From the work of Roshi Joan Halifax, the acronym G.R.A.C.E is a tool for cultivating compassion. It calls for us to gather attention, recall intention, attune to self and other, consider what will serve, engage and end. Last month’s topic focused on the R/recalling intention as how to BE in order to support that which you desire to have (goal fulfillment).
Attuning starts with being present, which is the result of gathering our attention. Our nervous systems are continually engaging in what the late pain science pioneer Louis Gifford, PT dubbed an SSR mode: Sample, Scrutinize and Respond. Our senses sample the inner and outer environment and provide input that is scrutinized by perceptual centers of the brain. Input generates output; a Response of action or inaction. As our body, mind and environment engage to create our conscious experience the SSR mode explains what is meant by attuning to self and other. Recall, the affirmation Be here Now is a self-care practice that is a precursor to attunement as is the practice of checking in with oneself via paying attention to input from the five senses. Attunement taps our sixth sense, intuition, as an ingredient in scrutinizing.
In integrative health circles, there is a call for health professions to make a significant perspective shift in how we attune to those we serve. The bigger question to aspire to in health care goes beyond “what is the matter with you” to embrace “what matters to you.” This question forms the hub of a patient centered or, preferably, person-centered whole health approach to health care. In this paradigm our participation with self-care demonstrates accountability to our health. Attuning to the what matters to you question is supported by applying mindfulness skills to the existence of the ongoing SSR process of human interaction. Recall mindfulness involves paying kind attention to whatever is happening, as it is happening, without judging the experience as good or bad. Mindful observation of our own SSR process involves objective observation of the judgment likely to occur in our scrutinization phase that then motivates and colors our response in the interaction. In situations where what matters to the person we serve is considerably different from what matters to us, the compassion practice of non-judgement is an essential skill. Mindfulness skills of directing attention also assist in our attunement to the SSR process in others; recognizing our SSR processes are always co-mingling and co-emergent in shaping behavior.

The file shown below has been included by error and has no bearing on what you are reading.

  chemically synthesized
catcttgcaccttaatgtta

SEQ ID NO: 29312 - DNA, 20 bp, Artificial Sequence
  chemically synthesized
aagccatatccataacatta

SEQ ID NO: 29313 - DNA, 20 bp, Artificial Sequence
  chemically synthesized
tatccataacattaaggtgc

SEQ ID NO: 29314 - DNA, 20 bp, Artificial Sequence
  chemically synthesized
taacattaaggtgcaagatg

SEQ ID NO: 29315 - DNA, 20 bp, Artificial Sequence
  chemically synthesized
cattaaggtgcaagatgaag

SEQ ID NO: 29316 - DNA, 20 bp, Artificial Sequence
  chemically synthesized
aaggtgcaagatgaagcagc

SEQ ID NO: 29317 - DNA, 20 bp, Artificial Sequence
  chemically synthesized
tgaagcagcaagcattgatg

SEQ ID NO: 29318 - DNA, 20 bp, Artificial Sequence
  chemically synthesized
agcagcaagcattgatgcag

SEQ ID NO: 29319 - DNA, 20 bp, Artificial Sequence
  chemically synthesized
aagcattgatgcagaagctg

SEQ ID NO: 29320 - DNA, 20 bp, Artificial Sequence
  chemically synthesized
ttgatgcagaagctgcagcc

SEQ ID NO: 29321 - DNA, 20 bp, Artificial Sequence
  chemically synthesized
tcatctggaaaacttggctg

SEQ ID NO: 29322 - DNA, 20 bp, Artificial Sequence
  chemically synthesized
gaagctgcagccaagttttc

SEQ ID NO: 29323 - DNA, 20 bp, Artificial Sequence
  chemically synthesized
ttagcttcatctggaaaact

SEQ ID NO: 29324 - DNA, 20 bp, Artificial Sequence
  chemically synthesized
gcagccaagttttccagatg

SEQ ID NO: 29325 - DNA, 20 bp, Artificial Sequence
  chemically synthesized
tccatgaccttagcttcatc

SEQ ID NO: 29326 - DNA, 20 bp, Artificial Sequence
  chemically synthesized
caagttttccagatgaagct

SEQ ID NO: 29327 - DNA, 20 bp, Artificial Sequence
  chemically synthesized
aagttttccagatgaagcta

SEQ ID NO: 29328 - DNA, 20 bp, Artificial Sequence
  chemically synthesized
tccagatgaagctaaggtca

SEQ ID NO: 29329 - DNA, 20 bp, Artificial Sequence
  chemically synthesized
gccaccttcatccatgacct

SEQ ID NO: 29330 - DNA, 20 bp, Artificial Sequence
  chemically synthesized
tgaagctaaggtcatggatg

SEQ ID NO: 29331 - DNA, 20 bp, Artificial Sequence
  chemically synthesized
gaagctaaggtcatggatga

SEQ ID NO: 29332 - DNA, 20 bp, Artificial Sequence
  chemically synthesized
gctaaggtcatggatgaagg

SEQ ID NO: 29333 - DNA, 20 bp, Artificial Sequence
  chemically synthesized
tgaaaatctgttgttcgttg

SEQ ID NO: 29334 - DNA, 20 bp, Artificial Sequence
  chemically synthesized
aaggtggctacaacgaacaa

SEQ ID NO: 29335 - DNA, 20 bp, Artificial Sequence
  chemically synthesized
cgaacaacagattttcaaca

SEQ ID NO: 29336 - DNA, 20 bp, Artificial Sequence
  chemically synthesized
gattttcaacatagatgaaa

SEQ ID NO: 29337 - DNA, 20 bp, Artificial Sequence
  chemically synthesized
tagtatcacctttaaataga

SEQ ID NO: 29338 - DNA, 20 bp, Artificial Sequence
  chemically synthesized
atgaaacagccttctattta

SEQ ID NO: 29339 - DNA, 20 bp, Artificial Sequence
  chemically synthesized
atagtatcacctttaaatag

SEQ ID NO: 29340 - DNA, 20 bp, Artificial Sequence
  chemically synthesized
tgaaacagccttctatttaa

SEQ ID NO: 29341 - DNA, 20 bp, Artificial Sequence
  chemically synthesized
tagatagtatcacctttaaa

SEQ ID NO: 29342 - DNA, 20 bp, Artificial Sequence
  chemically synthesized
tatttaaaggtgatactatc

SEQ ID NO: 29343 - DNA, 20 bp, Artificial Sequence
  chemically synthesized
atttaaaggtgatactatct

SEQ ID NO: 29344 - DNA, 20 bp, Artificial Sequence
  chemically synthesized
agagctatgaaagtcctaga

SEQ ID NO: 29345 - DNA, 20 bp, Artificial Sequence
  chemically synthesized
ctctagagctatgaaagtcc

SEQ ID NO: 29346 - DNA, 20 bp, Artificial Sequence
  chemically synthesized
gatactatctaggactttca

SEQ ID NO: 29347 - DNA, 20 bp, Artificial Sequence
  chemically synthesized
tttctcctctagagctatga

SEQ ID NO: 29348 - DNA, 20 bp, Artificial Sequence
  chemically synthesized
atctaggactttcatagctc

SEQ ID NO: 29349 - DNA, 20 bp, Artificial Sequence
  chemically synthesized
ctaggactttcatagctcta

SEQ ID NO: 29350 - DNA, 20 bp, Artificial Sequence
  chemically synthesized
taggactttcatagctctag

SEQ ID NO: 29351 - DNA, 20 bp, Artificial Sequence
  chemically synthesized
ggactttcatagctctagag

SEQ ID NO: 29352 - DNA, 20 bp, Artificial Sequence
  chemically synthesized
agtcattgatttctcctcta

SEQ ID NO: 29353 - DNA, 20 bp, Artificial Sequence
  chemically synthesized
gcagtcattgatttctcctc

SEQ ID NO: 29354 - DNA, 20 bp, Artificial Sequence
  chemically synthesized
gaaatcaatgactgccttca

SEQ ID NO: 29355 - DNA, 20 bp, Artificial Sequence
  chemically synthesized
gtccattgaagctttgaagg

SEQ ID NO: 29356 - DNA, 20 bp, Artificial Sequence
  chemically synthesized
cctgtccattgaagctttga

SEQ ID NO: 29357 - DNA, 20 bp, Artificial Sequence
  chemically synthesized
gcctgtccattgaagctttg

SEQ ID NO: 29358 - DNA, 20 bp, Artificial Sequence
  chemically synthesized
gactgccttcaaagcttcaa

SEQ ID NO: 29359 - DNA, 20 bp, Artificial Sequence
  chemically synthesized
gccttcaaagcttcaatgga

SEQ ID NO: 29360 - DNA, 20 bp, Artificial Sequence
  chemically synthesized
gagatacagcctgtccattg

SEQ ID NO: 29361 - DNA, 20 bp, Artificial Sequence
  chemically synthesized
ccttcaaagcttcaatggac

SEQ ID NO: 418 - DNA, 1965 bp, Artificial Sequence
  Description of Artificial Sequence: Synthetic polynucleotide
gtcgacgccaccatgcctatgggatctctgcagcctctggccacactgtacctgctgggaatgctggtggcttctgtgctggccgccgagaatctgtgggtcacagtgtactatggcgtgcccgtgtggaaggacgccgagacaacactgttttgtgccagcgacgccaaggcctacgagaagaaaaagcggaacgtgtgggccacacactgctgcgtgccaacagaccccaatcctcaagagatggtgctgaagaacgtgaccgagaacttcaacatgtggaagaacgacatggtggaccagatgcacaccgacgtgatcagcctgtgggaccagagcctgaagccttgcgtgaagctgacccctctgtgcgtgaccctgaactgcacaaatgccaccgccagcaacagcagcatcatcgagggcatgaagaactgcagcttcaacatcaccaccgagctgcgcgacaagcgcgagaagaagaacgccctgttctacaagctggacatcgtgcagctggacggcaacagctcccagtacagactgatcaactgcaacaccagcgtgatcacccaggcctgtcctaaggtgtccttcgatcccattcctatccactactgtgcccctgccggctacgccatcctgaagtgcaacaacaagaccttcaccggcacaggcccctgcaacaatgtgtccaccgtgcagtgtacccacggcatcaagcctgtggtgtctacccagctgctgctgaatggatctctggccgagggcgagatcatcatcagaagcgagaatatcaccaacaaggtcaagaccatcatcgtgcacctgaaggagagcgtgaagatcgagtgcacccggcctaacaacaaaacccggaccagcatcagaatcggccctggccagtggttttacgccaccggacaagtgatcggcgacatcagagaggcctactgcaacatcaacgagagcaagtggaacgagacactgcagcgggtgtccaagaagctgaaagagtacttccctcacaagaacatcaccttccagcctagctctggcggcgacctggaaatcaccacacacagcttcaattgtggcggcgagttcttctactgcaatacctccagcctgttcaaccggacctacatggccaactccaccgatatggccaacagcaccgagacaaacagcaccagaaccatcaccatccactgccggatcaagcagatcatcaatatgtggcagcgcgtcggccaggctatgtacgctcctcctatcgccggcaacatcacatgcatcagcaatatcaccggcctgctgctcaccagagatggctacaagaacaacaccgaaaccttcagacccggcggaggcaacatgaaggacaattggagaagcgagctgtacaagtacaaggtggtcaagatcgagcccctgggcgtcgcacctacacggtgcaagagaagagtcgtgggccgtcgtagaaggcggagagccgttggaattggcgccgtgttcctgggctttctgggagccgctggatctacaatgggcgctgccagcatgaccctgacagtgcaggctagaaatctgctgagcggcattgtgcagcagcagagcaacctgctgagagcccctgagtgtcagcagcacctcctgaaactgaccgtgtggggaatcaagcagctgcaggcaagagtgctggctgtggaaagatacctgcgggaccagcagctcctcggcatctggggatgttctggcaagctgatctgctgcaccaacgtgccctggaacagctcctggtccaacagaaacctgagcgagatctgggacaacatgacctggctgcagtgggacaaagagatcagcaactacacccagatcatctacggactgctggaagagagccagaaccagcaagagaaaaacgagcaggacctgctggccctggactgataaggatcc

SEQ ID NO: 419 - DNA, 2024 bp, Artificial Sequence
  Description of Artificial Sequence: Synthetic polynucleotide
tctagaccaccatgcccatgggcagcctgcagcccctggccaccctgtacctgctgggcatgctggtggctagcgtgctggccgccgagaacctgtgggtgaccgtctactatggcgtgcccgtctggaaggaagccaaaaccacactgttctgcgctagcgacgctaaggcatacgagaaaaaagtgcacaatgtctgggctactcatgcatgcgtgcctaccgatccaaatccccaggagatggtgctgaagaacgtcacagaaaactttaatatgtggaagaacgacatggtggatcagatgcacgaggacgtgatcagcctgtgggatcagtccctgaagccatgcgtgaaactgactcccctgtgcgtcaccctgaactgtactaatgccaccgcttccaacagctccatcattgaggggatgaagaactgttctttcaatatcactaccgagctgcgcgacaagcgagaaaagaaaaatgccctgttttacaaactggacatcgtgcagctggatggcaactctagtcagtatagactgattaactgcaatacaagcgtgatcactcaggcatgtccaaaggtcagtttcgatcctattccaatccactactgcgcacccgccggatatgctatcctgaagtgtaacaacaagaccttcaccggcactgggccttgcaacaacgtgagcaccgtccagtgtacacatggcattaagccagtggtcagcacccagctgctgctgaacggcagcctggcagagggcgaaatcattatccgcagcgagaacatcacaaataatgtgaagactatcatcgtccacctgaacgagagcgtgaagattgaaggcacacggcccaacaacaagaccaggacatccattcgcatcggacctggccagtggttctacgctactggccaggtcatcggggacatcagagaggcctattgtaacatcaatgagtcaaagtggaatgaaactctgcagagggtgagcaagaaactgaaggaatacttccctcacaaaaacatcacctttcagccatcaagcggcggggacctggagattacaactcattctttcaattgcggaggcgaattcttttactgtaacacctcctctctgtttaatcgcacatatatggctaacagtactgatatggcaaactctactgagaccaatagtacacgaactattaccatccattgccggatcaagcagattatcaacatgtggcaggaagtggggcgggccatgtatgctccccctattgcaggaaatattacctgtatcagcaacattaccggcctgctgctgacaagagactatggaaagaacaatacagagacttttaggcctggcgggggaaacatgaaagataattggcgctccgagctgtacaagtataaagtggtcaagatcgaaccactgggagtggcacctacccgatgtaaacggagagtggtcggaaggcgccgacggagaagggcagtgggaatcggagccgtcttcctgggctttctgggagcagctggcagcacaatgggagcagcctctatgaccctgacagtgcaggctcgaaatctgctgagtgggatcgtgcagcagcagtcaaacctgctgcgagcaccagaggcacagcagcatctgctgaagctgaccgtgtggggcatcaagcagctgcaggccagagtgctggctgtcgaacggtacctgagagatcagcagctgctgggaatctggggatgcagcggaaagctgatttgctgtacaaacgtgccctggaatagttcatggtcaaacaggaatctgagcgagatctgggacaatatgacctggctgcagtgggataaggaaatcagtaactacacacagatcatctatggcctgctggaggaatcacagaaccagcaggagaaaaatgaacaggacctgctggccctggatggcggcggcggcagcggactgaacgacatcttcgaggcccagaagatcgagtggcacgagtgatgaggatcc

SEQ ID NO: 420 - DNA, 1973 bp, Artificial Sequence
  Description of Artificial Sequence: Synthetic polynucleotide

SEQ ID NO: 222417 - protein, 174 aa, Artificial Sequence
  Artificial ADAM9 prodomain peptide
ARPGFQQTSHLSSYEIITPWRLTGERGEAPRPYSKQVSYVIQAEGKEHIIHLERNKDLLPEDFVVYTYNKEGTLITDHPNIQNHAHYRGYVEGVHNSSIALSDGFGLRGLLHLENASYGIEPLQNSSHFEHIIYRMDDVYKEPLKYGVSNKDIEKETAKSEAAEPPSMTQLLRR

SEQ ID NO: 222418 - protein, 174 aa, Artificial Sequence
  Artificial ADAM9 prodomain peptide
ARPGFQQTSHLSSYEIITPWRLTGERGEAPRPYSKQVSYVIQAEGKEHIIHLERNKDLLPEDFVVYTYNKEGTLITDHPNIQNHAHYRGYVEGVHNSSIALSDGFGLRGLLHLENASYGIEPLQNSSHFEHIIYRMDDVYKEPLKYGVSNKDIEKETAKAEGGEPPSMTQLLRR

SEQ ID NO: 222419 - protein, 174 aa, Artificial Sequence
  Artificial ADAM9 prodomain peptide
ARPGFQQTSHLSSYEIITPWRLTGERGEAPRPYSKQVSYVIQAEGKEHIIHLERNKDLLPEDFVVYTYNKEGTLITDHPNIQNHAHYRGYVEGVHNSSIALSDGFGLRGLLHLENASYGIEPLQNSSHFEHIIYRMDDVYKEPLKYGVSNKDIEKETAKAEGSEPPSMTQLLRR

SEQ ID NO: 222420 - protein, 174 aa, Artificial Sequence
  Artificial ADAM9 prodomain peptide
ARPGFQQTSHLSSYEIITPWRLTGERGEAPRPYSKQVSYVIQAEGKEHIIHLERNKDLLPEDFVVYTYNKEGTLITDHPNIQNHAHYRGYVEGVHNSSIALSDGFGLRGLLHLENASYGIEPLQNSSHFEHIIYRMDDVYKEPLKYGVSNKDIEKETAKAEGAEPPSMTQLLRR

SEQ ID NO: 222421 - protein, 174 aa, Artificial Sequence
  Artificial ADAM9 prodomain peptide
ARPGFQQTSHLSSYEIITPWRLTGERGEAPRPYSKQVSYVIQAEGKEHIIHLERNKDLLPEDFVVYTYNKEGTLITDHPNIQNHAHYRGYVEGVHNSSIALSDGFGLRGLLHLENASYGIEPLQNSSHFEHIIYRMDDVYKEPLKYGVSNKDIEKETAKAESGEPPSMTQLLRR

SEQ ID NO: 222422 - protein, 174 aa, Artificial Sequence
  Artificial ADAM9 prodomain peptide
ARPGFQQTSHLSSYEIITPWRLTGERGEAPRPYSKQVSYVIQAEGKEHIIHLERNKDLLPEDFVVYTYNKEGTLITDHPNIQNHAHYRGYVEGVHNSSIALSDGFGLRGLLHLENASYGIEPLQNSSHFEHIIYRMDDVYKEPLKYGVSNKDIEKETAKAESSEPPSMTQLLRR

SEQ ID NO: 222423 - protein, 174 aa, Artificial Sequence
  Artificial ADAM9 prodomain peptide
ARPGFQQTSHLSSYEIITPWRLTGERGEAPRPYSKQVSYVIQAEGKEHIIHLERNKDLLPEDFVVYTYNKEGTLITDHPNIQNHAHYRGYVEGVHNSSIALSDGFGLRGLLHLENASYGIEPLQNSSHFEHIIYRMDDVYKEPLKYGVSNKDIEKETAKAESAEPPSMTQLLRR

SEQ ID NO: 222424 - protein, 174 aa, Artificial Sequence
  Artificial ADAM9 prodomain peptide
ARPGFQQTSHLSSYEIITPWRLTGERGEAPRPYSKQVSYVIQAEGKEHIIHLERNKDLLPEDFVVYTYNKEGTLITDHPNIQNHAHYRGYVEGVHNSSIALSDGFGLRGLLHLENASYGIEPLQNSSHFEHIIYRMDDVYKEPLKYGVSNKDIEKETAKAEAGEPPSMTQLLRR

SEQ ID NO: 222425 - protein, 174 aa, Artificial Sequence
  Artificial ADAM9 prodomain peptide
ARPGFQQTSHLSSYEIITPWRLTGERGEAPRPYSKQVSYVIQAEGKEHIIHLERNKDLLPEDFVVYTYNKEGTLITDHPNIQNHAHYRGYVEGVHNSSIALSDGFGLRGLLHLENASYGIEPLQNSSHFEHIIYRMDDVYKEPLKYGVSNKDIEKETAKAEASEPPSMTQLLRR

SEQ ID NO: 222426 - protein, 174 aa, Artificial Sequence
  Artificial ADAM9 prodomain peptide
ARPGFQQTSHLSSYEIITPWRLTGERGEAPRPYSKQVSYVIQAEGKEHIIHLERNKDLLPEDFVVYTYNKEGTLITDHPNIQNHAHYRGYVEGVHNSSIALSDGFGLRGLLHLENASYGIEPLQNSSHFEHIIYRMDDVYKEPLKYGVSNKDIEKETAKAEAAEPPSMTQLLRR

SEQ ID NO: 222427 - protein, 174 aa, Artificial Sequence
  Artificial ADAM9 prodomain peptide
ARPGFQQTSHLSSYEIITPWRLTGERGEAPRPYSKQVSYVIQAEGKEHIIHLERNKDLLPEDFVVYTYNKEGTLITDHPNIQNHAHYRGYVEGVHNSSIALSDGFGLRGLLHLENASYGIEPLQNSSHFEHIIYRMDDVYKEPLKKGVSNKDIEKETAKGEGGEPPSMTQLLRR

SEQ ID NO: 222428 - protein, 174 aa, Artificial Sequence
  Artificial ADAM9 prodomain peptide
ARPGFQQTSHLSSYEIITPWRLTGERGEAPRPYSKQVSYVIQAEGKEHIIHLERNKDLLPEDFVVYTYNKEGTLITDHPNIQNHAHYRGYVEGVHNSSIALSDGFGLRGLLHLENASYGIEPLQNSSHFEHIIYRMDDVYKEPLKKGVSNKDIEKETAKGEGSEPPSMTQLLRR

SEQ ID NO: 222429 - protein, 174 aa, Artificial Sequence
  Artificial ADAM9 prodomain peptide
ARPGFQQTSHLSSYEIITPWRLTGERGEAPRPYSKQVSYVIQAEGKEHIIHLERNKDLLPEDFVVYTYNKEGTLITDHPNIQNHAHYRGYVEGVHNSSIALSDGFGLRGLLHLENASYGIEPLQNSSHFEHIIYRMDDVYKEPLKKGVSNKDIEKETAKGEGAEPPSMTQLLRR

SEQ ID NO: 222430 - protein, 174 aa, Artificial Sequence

Attunement also allows us to C/consider what will serve. In her classic book Kitchen Table Wisdom, Rachel Naomi Remen MD made an important distinction between health professionals engaging in service versus acting with helping or fixing derived from our conventional focus on the what is the matter with you question. She teaches us that service fosters healing as it is a relationship among equals empowering all parties. Service generates gratitude, a key to well-being. Attunement is a somatic as well as a cognitive understanding of the answer to the what matters to you question for person-centered health care. It opens the door to meeting people where they are to actively listen to how they can be best served to support what matters most to them. Compassion involves both recognizing suffering and the motivation to act to relieve it. Motivation arises from the feeling of attunement. A simple informal practice is to pause momentarily each time there is a shift in your outer environment; home, vehicle, work, store, nature, etc. With curiosity and kindness, mindfully bear witness to your somatic experience of your SSR mode in each setting. Attune to the effect each environment you find yourself in upon breathing, posture, attentiveness and mood. Attuning to self is a skill that precedes attuning to others.